The West has certainly made progress and development but this progress and development must be understood within a certain historical context and this, according to Hamed Ibrahim El-Mously, a contributor to the publication (2006. pp. 254) is an “unrepeatable phenomenon”, since the success of the West is based upon the (2006. pp. 254) “spread of European imperialism, the colonization of the old and new worlds, the unprecedented accumulation of the wealth…”. Since the West’s achievement is an “unrepeatable phenomenon” its relevance to the ‘other’ world is almost non-existent, both in social and political areas.

Adel Hussein in his article Bias in Western Schools of Social Thought: our Heritage as the Starting Point for Development in the publication notes that the framework of the West (2006. pp. 79) in the epistemological realm is based on Enlightenment notions hinged on the prevalence of ‘secularism’ (with all its variations) in social affairs, hence giving us the prevalence of secular notions of progress. Thus, the book proposes a methodology which is Arab-Muslim-centric. However, the book takes a balanced approach and calls to benefit from Western progress and development with the Islamic ethical and moral worldview in mind.

After establishing the reality of epistemological bias in the different social and political spheres, the book moves to show that such a reality is not set in stone and can be challenged.  Ferial J. Ghazoul in the article Confronting Bias in third World Culture takes on this task to provide a historical account, challenging such a reality using the world of literature as an example. Ghazoul takes three authors’ works from the African continent to demonstrate this.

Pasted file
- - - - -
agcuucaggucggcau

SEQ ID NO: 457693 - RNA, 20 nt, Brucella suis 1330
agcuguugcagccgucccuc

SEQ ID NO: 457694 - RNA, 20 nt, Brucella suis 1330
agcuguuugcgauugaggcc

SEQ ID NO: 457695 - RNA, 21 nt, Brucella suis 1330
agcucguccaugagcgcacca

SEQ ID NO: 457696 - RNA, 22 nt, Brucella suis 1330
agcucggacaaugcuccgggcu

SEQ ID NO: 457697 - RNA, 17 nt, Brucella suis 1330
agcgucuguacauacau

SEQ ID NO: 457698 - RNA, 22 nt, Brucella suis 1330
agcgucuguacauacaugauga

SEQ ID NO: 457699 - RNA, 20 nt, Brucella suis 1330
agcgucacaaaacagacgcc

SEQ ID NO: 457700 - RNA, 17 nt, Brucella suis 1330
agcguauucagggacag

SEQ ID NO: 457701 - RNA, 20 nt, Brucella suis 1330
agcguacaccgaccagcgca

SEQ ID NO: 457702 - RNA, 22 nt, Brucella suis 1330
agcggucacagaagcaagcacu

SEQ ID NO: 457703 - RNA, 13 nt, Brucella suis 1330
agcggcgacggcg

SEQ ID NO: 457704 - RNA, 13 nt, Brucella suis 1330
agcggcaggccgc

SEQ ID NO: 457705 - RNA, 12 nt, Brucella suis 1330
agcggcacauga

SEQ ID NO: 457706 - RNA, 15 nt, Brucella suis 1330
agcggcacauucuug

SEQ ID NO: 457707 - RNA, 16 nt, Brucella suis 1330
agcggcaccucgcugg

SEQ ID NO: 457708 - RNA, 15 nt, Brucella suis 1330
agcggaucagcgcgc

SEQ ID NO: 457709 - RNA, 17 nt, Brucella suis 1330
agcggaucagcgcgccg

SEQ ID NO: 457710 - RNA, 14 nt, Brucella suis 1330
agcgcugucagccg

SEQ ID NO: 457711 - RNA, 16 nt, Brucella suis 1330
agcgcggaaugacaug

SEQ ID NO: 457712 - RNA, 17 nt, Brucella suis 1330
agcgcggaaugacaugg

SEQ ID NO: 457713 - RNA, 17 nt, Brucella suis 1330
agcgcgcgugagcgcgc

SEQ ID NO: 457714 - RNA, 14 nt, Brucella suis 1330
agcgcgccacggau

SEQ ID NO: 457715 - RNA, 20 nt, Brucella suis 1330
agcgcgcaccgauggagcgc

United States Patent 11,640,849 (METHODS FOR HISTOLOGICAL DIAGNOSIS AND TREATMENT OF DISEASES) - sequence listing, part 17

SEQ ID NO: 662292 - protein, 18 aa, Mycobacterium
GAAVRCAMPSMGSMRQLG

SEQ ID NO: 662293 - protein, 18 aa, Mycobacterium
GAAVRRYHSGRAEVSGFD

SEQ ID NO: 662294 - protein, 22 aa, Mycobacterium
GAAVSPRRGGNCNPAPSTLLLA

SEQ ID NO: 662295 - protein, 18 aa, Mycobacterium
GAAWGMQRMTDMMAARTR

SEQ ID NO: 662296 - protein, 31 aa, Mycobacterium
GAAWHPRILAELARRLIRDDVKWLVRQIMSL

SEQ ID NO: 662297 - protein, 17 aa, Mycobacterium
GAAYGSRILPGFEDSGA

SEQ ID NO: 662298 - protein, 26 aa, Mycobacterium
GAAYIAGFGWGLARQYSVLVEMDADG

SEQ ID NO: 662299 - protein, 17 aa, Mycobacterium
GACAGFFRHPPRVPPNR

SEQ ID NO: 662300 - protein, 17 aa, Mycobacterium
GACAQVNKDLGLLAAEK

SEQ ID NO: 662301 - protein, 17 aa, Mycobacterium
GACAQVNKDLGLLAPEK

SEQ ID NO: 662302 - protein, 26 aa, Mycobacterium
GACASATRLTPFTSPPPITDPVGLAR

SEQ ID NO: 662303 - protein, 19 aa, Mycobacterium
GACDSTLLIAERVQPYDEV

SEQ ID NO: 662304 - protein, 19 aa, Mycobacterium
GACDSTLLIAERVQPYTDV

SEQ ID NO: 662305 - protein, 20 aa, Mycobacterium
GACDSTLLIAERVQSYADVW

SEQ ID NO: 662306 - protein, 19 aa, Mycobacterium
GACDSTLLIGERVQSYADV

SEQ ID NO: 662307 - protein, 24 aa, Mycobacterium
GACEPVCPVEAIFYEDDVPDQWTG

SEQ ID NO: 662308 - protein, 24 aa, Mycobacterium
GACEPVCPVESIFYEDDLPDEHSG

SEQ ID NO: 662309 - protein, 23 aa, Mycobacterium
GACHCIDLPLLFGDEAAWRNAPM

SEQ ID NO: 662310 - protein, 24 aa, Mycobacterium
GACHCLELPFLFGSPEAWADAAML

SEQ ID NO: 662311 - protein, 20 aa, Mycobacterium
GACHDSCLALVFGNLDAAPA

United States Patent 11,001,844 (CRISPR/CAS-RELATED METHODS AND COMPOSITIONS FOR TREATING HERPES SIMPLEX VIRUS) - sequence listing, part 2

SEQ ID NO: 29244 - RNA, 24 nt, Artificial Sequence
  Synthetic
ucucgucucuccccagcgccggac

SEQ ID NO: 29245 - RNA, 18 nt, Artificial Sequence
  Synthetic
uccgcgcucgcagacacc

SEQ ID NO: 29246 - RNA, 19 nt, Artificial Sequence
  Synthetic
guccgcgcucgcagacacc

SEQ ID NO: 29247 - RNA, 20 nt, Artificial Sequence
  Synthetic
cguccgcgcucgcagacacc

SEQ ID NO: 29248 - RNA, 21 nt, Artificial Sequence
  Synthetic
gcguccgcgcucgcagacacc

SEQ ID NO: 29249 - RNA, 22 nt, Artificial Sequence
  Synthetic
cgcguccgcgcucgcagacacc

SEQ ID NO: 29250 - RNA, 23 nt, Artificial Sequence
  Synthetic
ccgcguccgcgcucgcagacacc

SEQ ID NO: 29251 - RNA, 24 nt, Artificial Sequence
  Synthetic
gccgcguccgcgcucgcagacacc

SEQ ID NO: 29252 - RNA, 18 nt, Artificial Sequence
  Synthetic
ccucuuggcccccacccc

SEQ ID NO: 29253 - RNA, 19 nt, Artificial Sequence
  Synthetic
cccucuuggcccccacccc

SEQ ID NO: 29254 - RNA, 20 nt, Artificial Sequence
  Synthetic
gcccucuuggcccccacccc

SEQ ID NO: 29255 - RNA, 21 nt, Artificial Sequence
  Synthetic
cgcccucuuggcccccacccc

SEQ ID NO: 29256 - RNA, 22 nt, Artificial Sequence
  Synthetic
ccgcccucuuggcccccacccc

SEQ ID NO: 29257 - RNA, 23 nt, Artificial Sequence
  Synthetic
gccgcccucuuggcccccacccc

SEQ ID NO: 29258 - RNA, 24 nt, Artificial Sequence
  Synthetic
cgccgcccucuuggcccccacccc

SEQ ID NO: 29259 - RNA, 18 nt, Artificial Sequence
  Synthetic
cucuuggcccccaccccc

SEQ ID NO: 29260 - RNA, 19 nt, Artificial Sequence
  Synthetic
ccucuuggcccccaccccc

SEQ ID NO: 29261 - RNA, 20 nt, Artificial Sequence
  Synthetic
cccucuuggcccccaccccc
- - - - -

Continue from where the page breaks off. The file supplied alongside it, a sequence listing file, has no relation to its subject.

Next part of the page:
All of these works are fictional novels but have one thing in common; it aims to challenge the epistemological bias that exists in the minds of the ‘colonizers’.  For example, in Achebe’s novel Things Fall Apart is a response to Christians’ claims of superiority of religion (2006.  pp.177)  “You say that there is one supreme God who made Heaven and earth…we also believe in Him and call Him Chukwu. He made all the world…”. In other words, Christian doctrine is not any more superior then Africans’ religious doctrine.  Tayeb Salih also in his novel (2006. pp.184) “uses complex strategy to deconstruct the ready-made image of the African” and in this way wants to reclaim his and his peoples’ identities from the West.

A second objective of the book is to inform Muslims and create a platform whereby they [the Arab-Muslims] are able to progress and achieve what the West has achieved without closing their door to different, innovative ideas from different cultures. This progress and achievement, however, must be rooted in their traditions and values [the Quran and the Sunnah and Islamic history].  This is what must be the starting point for the Arab-Muslims’ intellectual and material independence.  Adel Hussein notes (2006. pp. 87) “As mentioned earlier, in order to form our own outlook for the future we must have independent theoretical practices. A prerequisite of such practice is a profound perception of our heritage with Islam as its core”.

If the motivation to purchase this book is only to further understand Adel Hussein’s thesis then such motivation is praiseworthy but the book has much more to offer. Its inquiry into the subject is refreshing for the mind and may even be the first step toward coming out from the complexities we find ourselves in in the modern world. This book must be in the library of every Muslims, who are interested in understanding and critically analysing the dominant narrative of the world.